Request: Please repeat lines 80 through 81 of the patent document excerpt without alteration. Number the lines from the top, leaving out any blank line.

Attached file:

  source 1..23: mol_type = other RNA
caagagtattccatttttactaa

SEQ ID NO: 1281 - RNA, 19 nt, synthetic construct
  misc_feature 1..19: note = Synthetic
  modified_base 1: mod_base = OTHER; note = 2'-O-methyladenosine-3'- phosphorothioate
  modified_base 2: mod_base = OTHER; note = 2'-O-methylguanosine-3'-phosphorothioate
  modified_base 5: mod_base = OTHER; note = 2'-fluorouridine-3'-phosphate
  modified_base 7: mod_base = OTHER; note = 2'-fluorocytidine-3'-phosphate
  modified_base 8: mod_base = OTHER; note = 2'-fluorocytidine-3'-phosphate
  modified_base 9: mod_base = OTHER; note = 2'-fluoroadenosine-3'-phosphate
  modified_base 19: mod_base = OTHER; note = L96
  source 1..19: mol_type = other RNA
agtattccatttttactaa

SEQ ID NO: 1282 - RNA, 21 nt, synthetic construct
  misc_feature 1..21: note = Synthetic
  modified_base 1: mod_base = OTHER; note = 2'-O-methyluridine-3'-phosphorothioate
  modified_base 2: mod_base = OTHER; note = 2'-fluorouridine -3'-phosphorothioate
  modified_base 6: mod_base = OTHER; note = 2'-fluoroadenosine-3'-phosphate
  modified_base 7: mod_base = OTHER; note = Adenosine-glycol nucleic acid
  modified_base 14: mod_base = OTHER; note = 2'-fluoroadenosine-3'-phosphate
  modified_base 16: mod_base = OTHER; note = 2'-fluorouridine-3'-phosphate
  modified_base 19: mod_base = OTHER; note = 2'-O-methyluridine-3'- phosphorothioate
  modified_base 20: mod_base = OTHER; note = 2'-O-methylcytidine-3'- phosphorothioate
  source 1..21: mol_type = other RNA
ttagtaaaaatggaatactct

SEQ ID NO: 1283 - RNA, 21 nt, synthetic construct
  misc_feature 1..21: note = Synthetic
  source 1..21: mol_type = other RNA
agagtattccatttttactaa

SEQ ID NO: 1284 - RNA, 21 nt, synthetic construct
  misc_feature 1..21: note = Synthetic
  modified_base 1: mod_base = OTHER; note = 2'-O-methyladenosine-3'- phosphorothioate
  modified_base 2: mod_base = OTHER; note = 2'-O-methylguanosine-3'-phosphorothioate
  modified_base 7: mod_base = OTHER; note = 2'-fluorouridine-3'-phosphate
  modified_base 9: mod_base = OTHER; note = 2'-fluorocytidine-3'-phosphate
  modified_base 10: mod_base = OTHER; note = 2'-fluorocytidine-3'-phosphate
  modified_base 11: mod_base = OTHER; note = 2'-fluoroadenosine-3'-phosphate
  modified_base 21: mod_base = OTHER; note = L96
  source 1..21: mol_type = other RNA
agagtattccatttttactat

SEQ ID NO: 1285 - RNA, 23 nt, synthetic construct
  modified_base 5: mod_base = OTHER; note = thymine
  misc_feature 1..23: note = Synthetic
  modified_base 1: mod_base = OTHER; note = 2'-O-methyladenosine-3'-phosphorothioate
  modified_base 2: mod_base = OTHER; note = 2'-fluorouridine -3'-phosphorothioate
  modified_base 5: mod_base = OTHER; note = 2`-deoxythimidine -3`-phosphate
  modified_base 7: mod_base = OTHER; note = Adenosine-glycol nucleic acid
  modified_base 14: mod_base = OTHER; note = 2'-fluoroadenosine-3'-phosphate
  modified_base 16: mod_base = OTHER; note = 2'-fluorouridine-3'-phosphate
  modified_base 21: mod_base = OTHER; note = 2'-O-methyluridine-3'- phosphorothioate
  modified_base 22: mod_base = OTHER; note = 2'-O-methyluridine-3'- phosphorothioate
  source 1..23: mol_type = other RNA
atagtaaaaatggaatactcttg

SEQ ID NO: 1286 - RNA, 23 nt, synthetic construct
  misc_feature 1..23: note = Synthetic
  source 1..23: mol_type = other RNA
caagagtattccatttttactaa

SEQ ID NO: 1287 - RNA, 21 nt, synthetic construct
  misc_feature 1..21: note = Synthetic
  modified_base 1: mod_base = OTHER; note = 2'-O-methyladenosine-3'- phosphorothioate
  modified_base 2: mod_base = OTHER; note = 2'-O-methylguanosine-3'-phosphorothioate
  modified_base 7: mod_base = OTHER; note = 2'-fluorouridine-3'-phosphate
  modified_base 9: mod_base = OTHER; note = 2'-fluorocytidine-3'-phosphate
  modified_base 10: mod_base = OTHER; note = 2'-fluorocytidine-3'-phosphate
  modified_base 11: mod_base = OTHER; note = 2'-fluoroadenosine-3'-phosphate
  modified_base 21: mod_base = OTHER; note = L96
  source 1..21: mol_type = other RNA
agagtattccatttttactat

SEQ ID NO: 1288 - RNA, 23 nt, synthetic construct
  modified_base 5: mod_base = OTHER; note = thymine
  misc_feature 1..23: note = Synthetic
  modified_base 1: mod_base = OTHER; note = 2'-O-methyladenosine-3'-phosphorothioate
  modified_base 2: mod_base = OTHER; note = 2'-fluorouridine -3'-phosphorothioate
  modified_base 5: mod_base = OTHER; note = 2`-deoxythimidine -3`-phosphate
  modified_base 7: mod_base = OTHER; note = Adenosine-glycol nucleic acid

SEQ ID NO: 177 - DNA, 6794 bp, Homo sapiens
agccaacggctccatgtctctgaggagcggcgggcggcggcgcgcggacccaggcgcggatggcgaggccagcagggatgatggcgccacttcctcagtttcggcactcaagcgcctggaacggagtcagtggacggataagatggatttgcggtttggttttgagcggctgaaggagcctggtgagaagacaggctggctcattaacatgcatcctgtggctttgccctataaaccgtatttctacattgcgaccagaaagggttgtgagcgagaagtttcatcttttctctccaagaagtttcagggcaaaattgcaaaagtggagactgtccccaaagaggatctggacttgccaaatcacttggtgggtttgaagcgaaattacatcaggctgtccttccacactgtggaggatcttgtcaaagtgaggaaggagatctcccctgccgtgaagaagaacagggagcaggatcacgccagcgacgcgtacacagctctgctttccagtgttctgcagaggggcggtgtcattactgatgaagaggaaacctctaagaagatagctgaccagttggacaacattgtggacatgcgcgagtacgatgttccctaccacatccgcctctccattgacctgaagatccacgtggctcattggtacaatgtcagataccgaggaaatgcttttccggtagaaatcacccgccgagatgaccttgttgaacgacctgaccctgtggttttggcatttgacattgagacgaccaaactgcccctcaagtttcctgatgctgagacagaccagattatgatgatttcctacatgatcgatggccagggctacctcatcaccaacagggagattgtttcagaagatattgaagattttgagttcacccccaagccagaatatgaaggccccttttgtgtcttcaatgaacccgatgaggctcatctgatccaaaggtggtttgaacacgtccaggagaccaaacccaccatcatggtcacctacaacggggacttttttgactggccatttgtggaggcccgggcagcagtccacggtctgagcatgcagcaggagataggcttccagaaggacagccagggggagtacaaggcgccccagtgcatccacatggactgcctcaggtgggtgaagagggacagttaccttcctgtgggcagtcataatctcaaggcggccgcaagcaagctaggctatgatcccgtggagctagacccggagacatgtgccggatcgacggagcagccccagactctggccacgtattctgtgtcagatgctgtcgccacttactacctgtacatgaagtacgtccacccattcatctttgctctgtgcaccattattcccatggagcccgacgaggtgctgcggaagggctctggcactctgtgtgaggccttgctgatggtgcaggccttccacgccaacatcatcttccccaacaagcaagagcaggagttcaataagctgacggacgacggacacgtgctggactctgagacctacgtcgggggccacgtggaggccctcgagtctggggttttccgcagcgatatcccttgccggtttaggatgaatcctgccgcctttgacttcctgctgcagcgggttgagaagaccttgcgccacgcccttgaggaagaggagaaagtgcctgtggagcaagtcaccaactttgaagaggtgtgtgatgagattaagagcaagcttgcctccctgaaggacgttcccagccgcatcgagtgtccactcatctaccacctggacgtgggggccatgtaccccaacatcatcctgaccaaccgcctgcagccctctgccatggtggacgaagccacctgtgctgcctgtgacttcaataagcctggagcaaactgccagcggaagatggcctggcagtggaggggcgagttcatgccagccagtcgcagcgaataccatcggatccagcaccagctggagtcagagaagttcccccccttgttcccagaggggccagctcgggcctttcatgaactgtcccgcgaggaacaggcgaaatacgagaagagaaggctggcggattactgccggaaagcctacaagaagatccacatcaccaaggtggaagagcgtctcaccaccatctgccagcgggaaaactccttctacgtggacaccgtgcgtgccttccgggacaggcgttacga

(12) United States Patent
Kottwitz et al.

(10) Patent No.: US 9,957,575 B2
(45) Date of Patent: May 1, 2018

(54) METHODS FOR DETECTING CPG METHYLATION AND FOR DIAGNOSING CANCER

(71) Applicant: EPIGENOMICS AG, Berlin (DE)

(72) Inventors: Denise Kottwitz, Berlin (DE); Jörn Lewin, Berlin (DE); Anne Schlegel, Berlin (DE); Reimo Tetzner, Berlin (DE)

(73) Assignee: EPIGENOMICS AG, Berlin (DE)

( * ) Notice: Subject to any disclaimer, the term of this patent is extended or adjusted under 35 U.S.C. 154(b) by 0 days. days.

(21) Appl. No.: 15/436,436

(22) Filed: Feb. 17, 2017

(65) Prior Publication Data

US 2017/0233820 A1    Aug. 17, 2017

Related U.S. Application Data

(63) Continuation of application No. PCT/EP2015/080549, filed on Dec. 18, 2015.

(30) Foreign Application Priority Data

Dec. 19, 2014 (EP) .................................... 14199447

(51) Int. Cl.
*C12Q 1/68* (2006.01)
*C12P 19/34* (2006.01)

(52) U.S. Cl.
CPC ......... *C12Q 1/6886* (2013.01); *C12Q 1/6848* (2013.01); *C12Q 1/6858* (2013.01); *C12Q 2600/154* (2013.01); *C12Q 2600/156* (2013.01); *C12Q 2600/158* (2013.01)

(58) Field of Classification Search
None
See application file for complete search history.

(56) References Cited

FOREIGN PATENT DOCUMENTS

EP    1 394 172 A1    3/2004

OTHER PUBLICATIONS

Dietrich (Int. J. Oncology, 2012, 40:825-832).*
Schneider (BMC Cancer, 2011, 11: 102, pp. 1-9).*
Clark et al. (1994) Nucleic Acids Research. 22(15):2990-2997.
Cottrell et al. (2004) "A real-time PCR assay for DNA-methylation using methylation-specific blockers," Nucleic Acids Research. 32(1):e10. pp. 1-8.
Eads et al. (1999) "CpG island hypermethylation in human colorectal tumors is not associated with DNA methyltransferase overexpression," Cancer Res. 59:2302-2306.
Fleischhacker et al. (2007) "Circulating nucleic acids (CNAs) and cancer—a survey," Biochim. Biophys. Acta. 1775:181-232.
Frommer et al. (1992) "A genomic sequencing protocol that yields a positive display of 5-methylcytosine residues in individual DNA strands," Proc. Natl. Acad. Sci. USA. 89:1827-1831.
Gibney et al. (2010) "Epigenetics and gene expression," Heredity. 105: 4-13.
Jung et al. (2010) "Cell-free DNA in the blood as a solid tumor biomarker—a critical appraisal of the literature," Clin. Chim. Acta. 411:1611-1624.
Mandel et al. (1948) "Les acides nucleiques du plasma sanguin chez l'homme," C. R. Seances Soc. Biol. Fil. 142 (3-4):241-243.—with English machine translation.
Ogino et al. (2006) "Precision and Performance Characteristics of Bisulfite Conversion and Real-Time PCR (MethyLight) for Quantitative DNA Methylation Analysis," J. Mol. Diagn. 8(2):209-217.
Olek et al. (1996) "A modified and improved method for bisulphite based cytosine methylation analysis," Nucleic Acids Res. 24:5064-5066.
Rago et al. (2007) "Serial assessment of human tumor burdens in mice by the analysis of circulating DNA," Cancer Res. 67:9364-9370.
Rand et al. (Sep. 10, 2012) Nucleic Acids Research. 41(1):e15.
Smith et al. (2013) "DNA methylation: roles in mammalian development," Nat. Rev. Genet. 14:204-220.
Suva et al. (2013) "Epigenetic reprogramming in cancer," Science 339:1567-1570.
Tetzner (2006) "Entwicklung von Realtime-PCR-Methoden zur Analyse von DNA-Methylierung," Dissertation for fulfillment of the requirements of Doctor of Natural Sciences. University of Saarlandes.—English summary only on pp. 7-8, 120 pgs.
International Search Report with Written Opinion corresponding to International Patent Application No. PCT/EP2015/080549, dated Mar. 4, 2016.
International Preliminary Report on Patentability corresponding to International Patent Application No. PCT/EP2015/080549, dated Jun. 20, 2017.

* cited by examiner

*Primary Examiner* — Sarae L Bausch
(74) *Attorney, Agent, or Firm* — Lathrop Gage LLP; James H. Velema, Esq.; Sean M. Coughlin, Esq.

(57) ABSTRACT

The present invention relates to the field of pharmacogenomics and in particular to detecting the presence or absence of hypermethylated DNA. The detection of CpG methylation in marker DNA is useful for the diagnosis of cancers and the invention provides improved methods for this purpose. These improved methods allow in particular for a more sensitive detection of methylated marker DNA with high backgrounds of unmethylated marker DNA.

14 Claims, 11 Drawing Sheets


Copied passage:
(10) Patent No.: US 9,957,575 B2
(45) Date of Patent: May 1, 2018